Wednesday, February 11, 2009
You've got Balls
by Nigel Morris, Deputy Political Editor, and Sean O'Grady, Economics Editor
Tuesday, 10 February 2009
Britain is facing its worst financial crisis for more than a century, surpassing even the Great Depression of the 1930s, one of Gordon Brown's most senior ministers and confidants has admitted.
In an extraordinary admission about the severity of the economic downturn, Ed Balls even predicted that its effects would still be felt 15 years from now. The Schools Secretary's comments carry added weight because he is a former chief economic adviser to the Treasury and regarded as one of the Prime Ministers's closest allies.
Mr Balls said yesterday: "The reality is that this is becoming the most serious global recession for, I'm sure, over 100 years, as it will turn out."
He warned that events worldwide were moving at a "speed, pace and ferocity which none of us have seen before" and banks were losing cash on a "scale that nobody believed possible".
The minister stunned his audience at a Labour conference in Yorkshire by forecasting that times could be tougher than in the depression of the 1930s, when male unemployment in some cities reached 70 per cent. He also appeared to hint that the recession could play into the hands of the far right.
"The economy is going to define our politics in this region and in Britain in the next year, the next five years, the next 10 and even the next 15 years," Mr Balls said. "These are seismic events that are going to change the political landscape. I think this is a financial crisis more extreme and more serious than that of the 1930s, and we all remember how the politics of that era were shaped by the economy."
Philip Hammond, the shadow Chief Secretary to the Treasury, said Mr Balls's predictions were "a staggering and very worrying admission from a cabinet minister and Gordon Brown's closest ally in the Treasury over the past 10 years". He added: "We are being told that not only are we facing the worst recession in 100 years, but that it will last for over a decade – far longer than Treasury forecasts predict."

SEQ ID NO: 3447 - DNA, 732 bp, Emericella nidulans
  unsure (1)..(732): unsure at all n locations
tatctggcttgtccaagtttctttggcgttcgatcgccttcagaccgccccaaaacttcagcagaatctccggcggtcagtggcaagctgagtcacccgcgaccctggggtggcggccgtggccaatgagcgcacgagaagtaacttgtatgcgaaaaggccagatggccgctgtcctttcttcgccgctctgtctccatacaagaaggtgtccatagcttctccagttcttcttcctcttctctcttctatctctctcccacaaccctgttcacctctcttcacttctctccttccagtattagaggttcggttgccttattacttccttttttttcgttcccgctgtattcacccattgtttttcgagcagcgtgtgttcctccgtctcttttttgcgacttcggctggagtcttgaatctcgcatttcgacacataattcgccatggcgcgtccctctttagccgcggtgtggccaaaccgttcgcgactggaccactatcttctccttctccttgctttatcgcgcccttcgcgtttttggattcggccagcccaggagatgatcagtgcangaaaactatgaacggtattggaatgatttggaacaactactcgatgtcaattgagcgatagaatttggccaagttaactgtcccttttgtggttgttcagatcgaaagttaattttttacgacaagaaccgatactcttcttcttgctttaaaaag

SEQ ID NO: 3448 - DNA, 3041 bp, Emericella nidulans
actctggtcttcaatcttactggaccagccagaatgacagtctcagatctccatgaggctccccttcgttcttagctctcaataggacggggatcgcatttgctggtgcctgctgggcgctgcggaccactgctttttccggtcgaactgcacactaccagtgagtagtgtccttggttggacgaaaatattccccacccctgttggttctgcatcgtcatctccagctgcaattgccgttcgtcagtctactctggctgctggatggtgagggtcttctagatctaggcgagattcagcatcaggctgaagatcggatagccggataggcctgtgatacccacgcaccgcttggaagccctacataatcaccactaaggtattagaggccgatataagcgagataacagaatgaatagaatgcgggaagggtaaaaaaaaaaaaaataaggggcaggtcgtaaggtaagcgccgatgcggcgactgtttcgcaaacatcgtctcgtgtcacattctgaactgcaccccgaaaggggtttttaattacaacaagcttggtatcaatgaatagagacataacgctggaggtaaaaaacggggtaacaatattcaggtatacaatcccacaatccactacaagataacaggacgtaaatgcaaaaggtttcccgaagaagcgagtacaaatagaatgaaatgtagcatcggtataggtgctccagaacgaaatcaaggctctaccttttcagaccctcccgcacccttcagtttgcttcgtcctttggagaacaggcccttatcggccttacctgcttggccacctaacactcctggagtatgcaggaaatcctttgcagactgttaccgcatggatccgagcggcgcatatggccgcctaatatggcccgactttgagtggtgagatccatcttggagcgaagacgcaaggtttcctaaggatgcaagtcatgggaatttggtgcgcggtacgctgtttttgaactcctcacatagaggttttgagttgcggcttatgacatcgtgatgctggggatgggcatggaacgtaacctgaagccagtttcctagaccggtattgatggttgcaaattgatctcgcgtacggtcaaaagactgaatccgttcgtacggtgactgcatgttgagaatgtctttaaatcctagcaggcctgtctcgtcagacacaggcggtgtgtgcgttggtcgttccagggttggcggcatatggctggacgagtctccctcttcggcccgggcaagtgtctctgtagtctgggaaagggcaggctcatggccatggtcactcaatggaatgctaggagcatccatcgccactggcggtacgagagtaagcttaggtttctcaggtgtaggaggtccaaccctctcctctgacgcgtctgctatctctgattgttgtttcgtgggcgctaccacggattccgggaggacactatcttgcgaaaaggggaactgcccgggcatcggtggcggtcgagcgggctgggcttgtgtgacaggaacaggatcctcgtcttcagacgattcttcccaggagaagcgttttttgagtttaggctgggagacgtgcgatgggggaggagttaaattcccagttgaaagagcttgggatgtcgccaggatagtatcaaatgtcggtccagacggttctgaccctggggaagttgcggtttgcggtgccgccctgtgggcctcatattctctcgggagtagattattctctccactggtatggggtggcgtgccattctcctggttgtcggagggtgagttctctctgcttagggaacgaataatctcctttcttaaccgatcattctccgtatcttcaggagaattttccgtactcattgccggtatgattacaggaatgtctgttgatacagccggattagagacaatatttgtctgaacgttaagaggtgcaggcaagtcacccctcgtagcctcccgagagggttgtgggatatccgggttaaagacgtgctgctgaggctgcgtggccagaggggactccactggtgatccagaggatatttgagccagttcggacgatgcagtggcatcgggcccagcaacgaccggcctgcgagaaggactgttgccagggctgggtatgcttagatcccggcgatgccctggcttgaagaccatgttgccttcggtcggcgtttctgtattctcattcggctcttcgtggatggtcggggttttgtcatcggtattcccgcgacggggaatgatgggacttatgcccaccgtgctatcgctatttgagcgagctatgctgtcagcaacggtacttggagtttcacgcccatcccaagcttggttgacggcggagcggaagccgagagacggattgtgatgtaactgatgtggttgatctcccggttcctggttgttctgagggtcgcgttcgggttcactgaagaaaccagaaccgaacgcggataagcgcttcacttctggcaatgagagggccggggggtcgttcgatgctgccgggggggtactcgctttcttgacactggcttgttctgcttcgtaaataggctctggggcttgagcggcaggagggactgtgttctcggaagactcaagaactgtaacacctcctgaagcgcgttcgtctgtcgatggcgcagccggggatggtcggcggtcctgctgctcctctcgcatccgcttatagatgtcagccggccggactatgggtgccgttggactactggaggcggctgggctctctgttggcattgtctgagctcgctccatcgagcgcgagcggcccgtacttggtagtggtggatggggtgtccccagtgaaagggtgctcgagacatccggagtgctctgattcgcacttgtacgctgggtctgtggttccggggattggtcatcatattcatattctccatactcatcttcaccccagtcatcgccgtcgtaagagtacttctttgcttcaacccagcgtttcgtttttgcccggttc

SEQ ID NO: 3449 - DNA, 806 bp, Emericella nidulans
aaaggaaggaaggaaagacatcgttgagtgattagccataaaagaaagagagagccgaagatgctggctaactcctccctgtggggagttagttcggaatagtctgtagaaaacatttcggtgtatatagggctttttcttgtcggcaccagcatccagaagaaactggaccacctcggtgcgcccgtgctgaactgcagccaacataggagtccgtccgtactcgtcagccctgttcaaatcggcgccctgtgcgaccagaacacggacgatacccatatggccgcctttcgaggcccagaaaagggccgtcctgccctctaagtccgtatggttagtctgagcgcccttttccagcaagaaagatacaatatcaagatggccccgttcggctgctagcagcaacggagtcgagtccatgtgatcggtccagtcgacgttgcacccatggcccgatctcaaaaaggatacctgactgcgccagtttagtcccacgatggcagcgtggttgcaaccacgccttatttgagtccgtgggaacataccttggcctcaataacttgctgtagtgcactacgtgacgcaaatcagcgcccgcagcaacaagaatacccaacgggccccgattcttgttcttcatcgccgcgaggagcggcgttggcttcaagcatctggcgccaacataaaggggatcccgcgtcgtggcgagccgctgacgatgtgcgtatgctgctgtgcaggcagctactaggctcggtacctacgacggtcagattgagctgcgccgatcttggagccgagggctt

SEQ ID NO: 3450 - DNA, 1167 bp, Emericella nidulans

The minister's comments came as the Chancellor, Alistair Darling, admitted the global economy was "seeing the most difficult economic conditions for generations". Writing in today's Independent, Mr Darling said his plans for shoring up Britain's finances included "measures to insure against extreme losses" as well as separating out impaired assets into a "parallel financial vehicle". Unemployment figures out tomorrow are expected to show the number of people out of work has passed two million. The Bank of England's quarterly inflation report, also released tomorrow, is expected to include a gloomy forecast for economic growth.
Yesterday, the Financial Services Authority warned that the recession "may be deeper and more prolonged than expected", adding that the global financial system had "suffered its greatest crisis in more than 70 years".
Speaking to Labour activists in Sheffield, Mr Balls conceded that the Government must share some of the blame because it had failed properly to control the banks. But he accused the Tories of blocking Labour's attempts to tighten financial rules.
He said: "People are quite right to say that financial regulation wasn't tough enough in Britain and around the world, that regulators misunderstood and did not see the nature of the risks of the dangers being run in our financial institutions – absolutely right."
The other great depressions
*Long Depression, 1873–96
Precipitated by the "panic of 1873" crisis on Wall Street and a severe outbreak of equine flu (Karl Benz's first automobile did not chug on to the scene until 1886), it was remarkable for its longevity as well as its global reach. In Britain, it was the rural south rather than the rich cities of the north that suffered. The UK ceased to be a nation that relied in any way on farming for its livelihood.
*Great Depression, 1930s
The "Hungry Thirties" were rough on many, at a time when welfare systems were rudimentary. The worst period was from the Wall Street Crash of 1929 to about 1932, but in places such as Jarrow, the unemployment rate hardly dipped below 50 per cent until the economy was mobilised in 1940. However, for many in the south and for the middle classes, the times were relatively prosperous.